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Male-specific genetic effect on hypertension and metabolic disorders


Genetic risk factors for hypertension may have age or gender specificity and pleiotropic effects. This study aims to measure the risk of genetic and non-genetic factors in the occurrence of hypertension and related diseases, with consideration of potential confounding factors and age-gender stratification. A discovery set of 352,228 genotyped plus 1.8 million imputed single-nucleotide polymorphisms were analyzed for 2,886 hypertensive cases and 3,440 healthy controls obtained from two community-based cohorts in Korea, and selected gene variants were replicated in the Health Examinee cohort (665 cases and 1,285 controls). Genome-wide association analyses were conducted in 12 groups stratified by age and gender after adjusting for potential covariates under three genetic models. Age, rural area residence, body mass index, family history of hypertension, male gender, current alcohol drinking status, and current smoking status were significantly associated with hypertension (P = 4 × 10−151 to 0.011). Five gene variants, rs11066280 (C12orf51), rs12229654 and rs3782889 (MYL2), rs2072134 (OAS3), rs2093395 (TREML2), and rs17249754 (ATP2B1), were found to be associated with hypertension mostly in men (P = 4.76 × 10−14 to 4.46 × 10−7 in the joint analysis); three SNPs (rs11066280, rs12229654, and rs3782889) remained significant after Bonferroni correction in an independent population. Three gene variants, rs12229654, rs17249754, and rs11066280, were significantly associated with metabolic disorders such as hyperlipidemia and diabetes (P = 0.00071 to 0.0097, respectively). Careful consideration of the potential confounding effects in future genome-wide association studies is necessary to uncover the genetic underpinnings of complex diseases.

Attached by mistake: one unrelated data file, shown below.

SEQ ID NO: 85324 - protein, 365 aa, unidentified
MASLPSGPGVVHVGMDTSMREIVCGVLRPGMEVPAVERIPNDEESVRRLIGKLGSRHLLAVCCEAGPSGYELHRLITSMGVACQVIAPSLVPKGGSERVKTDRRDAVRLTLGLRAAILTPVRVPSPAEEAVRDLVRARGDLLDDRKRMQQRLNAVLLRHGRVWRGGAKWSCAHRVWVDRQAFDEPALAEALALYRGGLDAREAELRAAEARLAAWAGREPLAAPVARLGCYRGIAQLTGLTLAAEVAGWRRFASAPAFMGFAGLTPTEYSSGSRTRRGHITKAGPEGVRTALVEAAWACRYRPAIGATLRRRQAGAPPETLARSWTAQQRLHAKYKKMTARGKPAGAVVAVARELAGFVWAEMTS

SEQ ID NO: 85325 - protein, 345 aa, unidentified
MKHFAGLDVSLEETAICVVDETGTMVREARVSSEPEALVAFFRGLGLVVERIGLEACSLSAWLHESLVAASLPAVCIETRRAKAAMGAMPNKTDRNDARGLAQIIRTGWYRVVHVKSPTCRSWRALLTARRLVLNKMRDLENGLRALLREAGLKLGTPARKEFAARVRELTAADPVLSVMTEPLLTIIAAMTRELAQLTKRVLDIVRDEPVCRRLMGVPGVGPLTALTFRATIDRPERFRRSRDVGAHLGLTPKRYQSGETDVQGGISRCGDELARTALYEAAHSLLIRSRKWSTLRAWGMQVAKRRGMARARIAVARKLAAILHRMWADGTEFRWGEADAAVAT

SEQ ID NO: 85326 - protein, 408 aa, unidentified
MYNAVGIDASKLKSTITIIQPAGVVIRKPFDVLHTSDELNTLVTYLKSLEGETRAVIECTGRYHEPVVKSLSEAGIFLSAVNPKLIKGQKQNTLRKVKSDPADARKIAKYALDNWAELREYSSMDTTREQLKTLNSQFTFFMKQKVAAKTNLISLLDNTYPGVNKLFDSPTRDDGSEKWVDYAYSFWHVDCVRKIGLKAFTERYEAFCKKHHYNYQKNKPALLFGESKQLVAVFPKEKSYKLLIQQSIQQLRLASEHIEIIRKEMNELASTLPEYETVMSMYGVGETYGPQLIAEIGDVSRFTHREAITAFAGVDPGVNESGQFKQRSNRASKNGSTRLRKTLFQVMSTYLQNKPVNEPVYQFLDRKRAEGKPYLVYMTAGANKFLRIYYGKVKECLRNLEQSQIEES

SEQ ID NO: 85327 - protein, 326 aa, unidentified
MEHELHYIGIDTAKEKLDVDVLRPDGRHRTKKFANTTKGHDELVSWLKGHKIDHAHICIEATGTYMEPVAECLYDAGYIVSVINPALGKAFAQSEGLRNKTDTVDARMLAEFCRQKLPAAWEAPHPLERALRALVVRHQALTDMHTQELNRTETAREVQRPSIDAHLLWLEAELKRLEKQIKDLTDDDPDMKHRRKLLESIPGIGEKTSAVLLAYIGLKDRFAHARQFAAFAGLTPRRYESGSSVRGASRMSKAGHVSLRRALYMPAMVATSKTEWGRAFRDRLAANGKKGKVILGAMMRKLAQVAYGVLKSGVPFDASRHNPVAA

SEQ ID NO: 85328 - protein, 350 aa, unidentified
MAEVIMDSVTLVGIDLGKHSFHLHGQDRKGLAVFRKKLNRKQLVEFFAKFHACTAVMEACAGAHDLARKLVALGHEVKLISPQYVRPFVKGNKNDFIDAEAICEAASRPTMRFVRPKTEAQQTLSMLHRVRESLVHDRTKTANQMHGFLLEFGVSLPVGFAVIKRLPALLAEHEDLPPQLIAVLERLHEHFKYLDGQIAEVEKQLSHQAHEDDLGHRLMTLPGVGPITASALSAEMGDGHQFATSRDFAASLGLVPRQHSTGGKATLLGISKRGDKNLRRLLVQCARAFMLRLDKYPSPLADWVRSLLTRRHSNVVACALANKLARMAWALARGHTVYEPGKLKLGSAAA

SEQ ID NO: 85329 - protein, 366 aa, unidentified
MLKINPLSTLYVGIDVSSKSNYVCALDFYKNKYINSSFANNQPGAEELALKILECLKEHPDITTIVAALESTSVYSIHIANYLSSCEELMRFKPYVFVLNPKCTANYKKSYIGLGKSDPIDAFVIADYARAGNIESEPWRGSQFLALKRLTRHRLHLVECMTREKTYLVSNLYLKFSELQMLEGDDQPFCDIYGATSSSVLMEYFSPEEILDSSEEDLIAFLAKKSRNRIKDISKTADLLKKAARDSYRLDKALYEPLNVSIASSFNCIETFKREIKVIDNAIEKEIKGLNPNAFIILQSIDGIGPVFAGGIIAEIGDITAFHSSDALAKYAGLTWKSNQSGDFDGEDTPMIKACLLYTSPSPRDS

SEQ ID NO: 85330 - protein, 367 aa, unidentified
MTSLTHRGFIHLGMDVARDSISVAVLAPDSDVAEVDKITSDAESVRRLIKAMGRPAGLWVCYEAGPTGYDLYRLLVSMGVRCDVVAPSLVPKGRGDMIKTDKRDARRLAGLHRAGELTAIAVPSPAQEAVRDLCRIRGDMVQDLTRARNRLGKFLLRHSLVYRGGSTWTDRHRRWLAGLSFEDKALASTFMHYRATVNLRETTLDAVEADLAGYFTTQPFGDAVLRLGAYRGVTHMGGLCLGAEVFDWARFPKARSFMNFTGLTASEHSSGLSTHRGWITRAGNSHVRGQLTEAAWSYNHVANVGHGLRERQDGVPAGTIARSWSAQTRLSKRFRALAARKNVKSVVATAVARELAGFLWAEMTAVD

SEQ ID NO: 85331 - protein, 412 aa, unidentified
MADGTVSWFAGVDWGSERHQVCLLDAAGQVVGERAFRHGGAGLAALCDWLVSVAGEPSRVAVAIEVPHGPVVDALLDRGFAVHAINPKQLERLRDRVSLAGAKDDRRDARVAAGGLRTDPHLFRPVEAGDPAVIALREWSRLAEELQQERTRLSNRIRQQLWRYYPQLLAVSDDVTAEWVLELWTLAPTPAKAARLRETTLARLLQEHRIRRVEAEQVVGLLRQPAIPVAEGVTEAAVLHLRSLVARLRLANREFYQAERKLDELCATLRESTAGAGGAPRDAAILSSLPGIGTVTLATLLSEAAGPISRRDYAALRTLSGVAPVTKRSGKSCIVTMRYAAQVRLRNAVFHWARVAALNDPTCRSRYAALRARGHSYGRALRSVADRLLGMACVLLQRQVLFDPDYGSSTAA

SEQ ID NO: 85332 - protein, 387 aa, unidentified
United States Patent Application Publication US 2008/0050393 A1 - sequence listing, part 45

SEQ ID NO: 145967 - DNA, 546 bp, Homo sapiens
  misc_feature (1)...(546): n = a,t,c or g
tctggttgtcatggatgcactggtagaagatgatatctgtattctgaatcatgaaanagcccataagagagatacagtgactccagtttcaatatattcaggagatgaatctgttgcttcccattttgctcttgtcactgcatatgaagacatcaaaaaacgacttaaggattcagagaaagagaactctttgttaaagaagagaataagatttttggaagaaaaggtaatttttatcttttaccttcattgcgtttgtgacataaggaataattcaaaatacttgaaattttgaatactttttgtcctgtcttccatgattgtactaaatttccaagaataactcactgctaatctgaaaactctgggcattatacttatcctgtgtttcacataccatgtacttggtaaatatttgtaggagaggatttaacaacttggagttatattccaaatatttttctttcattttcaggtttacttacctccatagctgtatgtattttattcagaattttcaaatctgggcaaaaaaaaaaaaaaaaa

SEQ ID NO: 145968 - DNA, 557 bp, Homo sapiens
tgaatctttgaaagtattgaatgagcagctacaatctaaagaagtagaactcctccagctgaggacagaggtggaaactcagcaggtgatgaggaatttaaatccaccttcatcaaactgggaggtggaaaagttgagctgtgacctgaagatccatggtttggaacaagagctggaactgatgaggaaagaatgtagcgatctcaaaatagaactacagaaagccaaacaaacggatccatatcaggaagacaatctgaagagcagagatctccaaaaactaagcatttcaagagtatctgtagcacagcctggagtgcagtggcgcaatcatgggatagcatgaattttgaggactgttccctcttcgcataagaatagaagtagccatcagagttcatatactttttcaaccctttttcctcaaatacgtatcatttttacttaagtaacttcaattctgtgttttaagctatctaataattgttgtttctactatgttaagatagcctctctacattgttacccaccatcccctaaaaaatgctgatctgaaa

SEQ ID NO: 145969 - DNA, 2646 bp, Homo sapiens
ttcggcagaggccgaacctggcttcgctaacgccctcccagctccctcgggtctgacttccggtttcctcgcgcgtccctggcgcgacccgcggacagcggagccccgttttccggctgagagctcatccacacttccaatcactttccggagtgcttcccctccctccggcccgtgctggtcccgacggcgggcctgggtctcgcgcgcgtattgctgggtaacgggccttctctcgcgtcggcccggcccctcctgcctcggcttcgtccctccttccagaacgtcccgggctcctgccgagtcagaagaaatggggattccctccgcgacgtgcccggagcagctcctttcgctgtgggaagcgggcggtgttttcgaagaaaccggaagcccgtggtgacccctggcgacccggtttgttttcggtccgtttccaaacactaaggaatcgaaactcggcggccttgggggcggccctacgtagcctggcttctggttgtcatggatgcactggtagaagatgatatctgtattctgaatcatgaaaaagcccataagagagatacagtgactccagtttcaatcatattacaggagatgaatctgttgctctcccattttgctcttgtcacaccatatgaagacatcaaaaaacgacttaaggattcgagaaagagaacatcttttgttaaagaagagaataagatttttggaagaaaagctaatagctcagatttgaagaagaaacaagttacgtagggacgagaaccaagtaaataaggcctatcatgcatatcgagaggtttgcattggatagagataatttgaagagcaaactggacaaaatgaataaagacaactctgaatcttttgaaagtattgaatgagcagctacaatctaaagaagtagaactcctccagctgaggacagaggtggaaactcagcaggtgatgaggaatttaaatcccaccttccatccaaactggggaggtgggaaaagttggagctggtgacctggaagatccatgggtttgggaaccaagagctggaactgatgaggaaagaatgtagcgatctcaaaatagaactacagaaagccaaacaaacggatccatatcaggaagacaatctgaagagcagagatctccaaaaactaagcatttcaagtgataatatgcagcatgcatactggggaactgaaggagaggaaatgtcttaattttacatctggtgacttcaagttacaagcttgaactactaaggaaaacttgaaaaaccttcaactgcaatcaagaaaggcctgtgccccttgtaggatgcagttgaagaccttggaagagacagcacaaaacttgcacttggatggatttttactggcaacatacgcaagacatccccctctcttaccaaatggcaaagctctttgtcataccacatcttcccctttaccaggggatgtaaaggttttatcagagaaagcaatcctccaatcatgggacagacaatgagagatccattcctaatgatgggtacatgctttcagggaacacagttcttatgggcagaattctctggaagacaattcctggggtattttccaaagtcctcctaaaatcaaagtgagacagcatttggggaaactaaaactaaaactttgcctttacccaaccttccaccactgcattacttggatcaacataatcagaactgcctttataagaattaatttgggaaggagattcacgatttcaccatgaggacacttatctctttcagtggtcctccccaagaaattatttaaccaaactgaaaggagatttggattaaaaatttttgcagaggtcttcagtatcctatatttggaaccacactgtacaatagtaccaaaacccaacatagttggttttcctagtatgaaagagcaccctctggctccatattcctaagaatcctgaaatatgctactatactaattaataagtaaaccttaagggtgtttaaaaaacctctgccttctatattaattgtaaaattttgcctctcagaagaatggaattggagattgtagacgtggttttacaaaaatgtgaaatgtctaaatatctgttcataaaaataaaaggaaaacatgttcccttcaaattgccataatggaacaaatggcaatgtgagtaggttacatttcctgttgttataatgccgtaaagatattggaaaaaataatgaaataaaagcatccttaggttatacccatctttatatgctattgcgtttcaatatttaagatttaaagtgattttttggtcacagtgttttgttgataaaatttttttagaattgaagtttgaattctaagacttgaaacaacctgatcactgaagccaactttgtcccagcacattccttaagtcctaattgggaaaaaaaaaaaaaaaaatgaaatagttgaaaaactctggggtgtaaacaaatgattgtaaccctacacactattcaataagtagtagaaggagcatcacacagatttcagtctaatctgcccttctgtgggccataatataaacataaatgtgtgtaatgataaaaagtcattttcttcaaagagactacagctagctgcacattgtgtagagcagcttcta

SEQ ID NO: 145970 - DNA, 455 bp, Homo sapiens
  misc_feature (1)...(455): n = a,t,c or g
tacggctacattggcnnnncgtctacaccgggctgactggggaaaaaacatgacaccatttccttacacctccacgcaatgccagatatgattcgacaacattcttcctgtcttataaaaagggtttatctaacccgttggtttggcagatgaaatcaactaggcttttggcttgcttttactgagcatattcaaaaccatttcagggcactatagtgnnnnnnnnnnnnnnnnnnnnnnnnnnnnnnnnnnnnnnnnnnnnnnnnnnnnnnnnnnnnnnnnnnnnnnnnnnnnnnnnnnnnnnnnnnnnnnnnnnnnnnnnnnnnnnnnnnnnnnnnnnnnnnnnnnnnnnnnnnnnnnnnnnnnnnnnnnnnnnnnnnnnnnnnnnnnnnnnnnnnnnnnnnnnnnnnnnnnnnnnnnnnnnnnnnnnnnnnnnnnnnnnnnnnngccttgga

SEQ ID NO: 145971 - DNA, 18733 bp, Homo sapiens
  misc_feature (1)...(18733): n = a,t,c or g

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Hyung-Lae Kim, MD, Ph.D, of the Ewha School of Medicine at Seoul, and Bok-Ghee Han, Ph.D, of the National Institute of Health at Osong, contributed to direct the development and maintenance of the Korean Genome Epidemiology Study (KoGES). Nam Han Cho, Ph.D, of the Ajou University School of Medicine at Suwon, and Chol Shin, MD, Ph.D, of the Korea University Ansan Hospital at Ansan, created and developed the Ansung and Ansan cohorts, respectively, as part of the Korean Genome Epidemiology Study (KoGES). Daehee Kang, MD, Ph.D, of the Seoul National University College of Medicine at Seoul, developed the HEXA study. Phenotype information was collected by Haesook Min, MS, and Sung Soo Kim, Ph.D, both of the National Institute of Health at Osong. Young Jin Kim, MS, of the National Institute of Health at Osong and Yoon Shin Cho, Ph.D, of Hallym University at Chuncheon, performed genotyping experiments and assured the quality of the genotype data. We thank all who have been involved in the generation of data at each local institute. This research was supported by the Basic Science Research Program of the National Research Foundation of Korea (NRF), funded by the Ministry of Education, Science and Technology (2009-0090837) and Hallym University Research Fund, 2012 (HRF-S-2012-5). The study was performed within the Consortium for Large Scale Genome Wide Association Study III (2011E7300400), which was supported by genotyping data from the Korean Genome Analysis Project (4845-301), phenotypic data from the Korean Genome Epidemiology Study (4851-302) and an intramural grant from the Korea National Institute of Health (2012-N73002-00).

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Correspondence to Ji Wan Park.

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Heo, S.G., Hwang, J., Uhmn, S. et al. Male-specific genetic effect on hypertension and metabolic disorders. Hum Genet 133, 311–319 (2014).

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